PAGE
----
Have you been enjoying the ridiculously warm spring weather? I certainly have. However, all that sun and warmth comes at a price. As you can see by this graph from the National Climatic Data Center, the majority of tornadoes occur between April, May, and June, just in time to ruin your spring. However, tornadoes aren’t the only disaster that can damage your apartment, other natural disasters such as hurricanes and earthquakes also cause millions of dollars in damage every year. Even though natural disasters cause huge property losses, nothing can price the loss of life. For that reason, we want to give you an overview as to what you should do in case you wind up in a hurricane, earthquake, or tornado.
Tornadoes and Hurricanes
Preparing for tornadoes and hurricanes is very similar, but hurricanes give you more warning before affecting your neighborhood. As for tornados, and other disasters that happen suddenly, the National Weather Service will issue a “watch,” which means conditions are favorable for the event happening in your area. However, if they issue a “warning,” this means the tornado or hurricane has been spotted or is currently taking place, so take cover immediately.
The first thing you need to do is designate an area to be your safe place. If you are in a high-rise apartment, designate a windowless room on the lowest floor possible. Basements and underground parking garages are good choices. Also designate a second spot within your own apartment in case you don’t have time to get to a lower level. When picking your safe spot make sure it is as centrally located as possible and has the least amount of windows possible. Interior hallways, closets, and bathrooms are excellent choices.
One other thing that I would highly recommend is purchasing a weather radio. Many storm fatalities occur at night when people are sleeping and do not hear the storm. I have personally been in a tornado where my family was awakened at night by the weather radio and we were able to make it to our basement before the tornado damaged our house.
Now that you have designated a spot to take shelter in, you should prepare a disaster kit to use during the storm.
Your kit should include:
- Battery powered radio with extra batteries
- Flashlight with extra batteries
- Nonperishable food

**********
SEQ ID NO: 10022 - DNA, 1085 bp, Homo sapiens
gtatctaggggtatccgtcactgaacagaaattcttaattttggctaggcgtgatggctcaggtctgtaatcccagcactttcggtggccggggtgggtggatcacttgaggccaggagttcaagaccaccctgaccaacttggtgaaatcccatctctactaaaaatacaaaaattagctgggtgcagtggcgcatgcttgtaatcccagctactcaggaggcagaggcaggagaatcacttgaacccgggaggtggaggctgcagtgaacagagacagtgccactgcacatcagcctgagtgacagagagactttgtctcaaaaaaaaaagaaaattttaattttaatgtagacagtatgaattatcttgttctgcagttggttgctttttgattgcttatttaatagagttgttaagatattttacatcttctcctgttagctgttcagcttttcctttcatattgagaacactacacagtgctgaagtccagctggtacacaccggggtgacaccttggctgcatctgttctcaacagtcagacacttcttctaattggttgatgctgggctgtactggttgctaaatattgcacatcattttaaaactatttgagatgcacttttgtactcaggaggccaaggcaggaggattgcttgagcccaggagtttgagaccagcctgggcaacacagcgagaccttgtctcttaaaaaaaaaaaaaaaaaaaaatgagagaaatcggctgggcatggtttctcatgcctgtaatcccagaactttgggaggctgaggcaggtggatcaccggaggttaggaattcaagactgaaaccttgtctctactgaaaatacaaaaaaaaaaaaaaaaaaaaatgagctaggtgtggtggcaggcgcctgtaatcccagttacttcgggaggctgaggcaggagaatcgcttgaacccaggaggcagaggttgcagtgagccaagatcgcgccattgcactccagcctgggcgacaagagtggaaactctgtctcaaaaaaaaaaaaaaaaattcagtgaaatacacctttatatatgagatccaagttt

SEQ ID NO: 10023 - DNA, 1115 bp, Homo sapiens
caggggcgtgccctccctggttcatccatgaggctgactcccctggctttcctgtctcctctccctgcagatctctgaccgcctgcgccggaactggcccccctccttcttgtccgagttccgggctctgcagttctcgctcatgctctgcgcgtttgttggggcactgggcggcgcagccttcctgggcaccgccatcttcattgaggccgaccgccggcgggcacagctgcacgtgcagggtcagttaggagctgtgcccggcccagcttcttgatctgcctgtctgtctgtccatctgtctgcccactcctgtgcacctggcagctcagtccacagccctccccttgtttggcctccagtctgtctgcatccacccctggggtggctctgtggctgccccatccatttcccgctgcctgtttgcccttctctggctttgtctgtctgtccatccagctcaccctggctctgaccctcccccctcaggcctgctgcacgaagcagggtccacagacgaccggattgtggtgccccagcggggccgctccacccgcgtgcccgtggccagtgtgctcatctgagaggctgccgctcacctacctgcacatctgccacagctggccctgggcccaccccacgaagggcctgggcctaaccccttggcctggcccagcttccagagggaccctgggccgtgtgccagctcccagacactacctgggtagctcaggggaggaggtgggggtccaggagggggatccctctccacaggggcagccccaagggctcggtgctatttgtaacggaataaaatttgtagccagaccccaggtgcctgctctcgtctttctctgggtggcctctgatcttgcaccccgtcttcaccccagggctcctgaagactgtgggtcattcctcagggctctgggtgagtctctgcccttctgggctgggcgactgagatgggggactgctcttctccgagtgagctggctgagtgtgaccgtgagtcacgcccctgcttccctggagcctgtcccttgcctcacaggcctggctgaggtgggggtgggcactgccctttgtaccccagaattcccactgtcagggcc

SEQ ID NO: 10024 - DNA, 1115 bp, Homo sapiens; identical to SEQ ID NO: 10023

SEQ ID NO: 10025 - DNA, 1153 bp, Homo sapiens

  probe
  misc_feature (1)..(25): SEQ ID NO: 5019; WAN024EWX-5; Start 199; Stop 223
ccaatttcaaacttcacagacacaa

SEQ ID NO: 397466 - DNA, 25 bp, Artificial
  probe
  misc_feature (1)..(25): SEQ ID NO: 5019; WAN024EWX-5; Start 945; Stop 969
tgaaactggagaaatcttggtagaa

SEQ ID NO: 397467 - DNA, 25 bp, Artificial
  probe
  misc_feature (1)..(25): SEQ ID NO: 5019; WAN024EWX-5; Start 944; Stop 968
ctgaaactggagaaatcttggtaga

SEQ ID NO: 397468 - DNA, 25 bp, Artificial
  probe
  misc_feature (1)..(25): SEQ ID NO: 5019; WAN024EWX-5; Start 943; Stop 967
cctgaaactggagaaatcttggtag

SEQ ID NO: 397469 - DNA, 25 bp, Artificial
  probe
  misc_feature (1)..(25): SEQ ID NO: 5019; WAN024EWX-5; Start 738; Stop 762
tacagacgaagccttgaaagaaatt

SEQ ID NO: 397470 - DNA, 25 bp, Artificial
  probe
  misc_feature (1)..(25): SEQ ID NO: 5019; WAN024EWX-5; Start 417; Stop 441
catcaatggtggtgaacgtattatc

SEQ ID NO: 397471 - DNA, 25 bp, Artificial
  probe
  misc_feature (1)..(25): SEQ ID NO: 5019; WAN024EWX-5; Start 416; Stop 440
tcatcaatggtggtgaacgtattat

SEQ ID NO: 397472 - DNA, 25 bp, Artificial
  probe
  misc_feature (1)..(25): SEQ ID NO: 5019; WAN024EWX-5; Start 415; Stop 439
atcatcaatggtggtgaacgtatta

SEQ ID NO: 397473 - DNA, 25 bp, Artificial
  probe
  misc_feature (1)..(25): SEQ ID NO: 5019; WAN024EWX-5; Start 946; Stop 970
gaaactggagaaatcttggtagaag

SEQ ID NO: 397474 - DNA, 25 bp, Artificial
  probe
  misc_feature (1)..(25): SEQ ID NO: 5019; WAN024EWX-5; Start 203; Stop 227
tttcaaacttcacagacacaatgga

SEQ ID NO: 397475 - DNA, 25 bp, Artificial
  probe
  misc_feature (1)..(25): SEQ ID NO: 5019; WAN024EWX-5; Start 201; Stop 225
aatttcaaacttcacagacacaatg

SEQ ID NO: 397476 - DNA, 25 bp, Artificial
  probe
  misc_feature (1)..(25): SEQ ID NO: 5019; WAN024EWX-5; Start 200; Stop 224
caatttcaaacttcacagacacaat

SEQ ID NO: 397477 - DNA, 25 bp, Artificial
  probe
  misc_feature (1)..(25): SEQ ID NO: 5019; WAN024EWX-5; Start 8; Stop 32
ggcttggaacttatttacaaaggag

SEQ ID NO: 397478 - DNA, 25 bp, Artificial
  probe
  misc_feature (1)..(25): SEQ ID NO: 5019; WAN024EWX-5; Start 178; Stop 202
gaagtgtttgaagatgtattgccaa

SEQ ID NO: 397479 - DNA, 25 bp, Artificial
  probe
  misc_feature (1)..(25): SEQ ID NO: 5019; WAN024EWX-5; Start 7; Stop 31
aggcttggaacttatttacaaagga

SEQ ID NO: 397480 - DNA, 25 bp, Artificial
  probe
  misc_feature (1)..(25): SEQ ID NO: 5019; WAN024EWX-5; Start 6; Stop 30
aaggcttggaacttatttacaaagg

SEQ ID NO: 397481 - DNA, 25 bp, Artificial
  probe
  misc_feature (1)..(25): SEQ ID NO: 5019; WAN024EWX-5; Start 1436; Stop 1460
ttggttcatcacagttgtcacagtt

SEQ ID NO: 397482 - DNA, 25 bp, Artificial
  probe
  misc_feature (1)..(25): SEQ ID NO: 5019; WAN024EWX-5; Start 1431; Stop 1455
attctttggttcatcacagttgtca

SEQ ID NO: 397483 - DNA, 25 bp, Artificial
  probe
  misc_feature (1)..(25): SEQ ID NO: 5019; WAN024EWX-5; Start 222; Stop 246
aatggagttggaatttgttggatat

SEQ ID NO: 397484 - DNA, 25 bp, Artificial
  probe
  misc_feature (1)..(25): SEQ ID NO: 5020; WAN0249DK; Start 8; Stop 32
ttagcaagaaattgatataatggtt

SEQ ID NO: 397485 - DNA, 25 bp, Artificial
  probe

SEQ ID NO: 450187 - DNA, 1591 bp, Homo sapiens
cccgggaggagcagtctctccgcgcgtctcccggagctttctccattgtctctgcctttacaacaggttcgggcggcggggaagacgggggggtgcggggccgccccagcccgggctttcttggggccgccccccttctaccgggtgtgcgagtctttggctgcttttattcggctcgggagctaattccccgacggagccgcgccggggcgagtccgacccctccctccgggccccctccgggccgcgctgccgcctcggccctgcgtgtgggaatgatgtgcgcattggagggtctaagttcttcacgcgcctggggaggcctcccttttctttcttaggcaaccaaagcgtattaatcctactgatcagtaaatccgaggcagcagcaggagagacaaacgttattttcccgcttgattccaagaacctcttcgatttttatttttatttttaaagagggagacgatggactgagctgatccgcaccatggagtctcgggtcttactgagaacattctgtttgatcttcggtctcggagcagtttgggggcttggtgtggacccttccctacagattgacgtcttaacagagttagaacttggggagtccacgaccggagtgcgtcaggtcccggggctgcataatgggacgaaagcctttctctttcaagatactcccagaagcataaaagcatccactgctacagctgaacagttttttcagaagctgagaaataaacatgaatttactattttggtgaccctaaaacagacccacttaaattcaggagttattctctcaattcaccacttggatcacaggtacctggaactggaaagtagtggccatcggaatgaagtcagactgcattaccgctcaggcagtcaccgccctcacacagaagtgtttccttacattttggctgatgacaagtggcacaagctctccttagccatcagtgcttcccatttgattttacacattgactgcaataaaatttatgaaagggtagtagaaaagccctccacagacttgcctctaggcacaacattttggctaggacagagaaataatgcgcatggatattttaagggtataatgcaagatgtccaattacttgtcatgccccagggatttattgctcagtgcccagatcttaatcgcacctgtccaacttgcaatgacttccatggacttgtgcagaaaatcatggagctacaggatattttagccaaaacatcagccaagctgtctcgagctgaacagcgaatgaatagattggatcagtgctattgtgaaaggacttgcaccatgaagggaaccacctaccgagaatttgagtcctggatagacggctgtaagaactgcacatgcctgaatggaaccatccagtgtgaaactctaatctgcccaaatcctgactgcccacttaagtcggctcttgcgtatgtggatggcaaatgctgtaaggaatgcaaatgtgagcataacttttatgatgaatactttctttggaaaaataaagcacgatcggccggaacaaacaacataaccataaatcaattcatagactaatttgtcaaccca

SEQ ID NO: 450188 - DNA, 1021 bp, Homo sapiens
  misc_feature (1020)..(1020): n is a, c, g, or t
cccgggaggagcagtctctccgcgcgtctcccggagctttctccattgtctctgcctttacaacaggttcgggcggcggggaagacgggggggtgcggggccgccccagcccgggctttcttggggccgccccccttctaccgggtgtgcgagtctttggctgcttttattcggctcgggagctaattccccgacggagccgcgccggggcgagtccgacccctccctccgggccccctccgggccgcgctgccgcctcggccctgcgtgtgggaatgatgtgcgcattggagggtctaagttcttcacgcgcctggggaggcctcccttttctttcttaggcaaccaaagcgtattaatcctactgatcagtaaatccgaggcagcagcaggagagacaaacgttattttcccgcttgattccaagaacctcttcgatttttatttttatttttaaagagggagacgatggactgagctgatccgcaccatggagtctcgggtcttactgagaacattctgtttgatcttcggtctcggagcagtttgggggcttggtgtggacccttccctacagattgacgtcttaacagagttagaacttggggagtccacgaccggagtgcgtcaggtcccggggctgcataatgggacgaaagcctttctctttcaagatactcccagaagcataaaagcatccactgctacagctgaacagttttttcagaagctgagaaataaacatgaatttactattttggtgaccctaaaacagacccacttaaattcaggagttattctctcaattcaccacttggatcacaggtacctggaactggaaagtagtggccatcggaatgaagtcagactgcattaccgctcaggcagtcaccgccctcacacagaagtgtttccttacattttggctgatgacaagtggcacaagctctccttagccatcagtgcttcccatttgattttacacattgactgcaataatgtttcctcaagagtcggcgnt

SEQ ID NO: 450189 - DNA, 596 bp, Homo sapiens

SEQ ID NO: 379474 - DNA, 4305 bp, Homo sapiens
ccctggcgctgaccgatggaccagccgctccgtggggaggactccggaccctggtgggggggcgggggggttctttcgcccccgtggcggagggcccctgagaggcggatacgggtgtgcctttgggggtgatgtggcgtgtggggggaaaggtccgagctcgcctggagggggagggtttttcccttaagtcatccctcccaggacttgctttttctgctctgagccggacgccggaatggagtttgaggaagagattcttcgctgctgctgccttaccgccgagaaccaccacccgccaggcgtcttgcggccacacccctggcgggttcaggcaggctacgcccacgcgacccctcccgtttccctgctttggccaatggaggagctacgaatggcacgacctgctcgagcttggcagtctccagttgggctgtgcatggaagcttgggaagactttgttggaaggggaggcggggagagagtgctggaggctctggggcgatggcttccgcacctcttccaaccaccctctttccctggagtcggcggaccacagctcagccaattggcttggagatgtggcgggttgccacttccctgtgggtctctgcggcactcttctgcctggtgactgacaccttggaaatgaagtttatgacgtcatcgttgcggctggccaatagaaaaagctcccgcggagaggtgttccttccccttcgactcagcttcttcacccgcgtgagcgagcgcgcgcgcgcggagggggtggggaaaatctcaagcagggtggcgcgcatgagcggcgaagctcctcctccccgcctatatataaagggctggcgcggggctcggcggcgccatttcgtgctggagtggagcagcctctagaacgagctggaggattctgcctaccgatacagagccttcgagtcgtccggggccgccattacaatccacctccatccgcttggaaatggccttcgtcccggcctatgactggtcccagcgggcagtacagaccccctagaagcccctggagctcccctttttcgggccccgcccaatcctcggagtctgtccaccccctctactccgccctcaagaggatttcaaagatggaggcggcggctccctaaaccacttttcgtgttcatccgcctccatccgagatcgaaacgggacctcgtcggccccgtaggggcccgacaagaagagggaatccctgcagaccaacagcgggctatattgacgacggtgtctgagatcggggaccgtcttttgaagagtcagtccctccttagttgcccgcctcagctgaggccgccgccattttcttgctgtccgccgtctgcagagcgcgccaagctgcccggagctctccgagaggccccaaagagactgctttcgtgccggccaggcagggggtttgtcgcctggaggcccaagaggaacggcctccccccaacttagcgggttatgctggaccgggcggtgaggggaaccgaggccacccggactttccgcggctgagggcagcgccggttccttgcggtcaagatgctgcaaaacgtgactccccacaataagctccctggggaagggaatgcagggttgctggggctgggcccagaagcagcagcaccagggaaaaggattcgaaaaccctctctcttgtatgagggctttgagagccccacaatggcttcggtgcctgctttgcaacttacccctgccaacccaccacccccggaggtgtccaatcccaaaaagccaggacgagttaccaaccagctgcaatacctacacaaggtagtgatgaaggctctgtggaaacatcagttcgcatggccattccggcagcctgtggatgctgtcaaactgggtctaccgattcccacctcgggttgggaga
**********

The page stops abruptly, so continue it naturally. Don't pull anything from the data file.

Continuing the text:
- Bottled water
- First aid kit
- Extra cash or a credit card
- Extra keys to car, home, etc.
- List of phone numbers and places you could go after the storm
- Other possible needs depending on your situation that include baby supplies (formula, diapers, etc.), prescription medication, glasses, walking aids, etc
- Food and supplies for any pets you have
After the storm has passed, do not forget to check for fallen power lines or other objects such as tree limbs and debris that could fall and harm you. Sometimes the storm being over doesn’t necessarily mean that harm is out of the way.
There is a lot of controversy about what to do if you are caught in a car during a tornado. Some will tell you to try and get out of the way of the tornado, and others will tell you to get to a low lying ditch and find cover there. The one myth I would like to bust is DO NOT get under an overpass. Many people die trying to get under the overpass and are either sucked away through the wind tunnel or the overpass can collapse.
On whether or not you should get out of the way of the tornado or get in a ditch, Weather.com has a great article that discusses the positives and negatives of each option here.
Unlike a tornado or hurricane, earthquakes come without warning, which makes designating a safe spot wishful thinking. Do not try and escape the building when an earthquake starts, as this could just result in you getting injured by falling objects. What you need to do is know what type of place to look for when the earthquake begins. Try and immediately find a sturdy piece of furniture that you can take cover under and hold on to the furniture, bracing yourself. If you are not near any sturdy furniture, try and make your way to an inside corner of the building and cover your face and head with your arms.
Just because an earthquake occurs without warning doesn’t mean there is nothing you can do to prepare yourself beforehand. Just as with a tornado or hurricane, a disaster kit can help make your situation after the disaster a lot easier. Your hurricane and/or tornado disaster kit that you have can easily double as your disaster kit for earthquakes. Make sure you know where your disaster kit is located so after the earthquake you can retrieve it and use any items that are needed, and that you periodically check expiration dates for items within it. Don’t try and make a run for your disaster kit during the earthquake, but wait until the shaking has stopped and then you can leave where you have taken cover.
Natural disasters are something that we are all at risk for. Having a plan, a disaster kit, and safe spot(s) can not only help save you some stress but also save your life.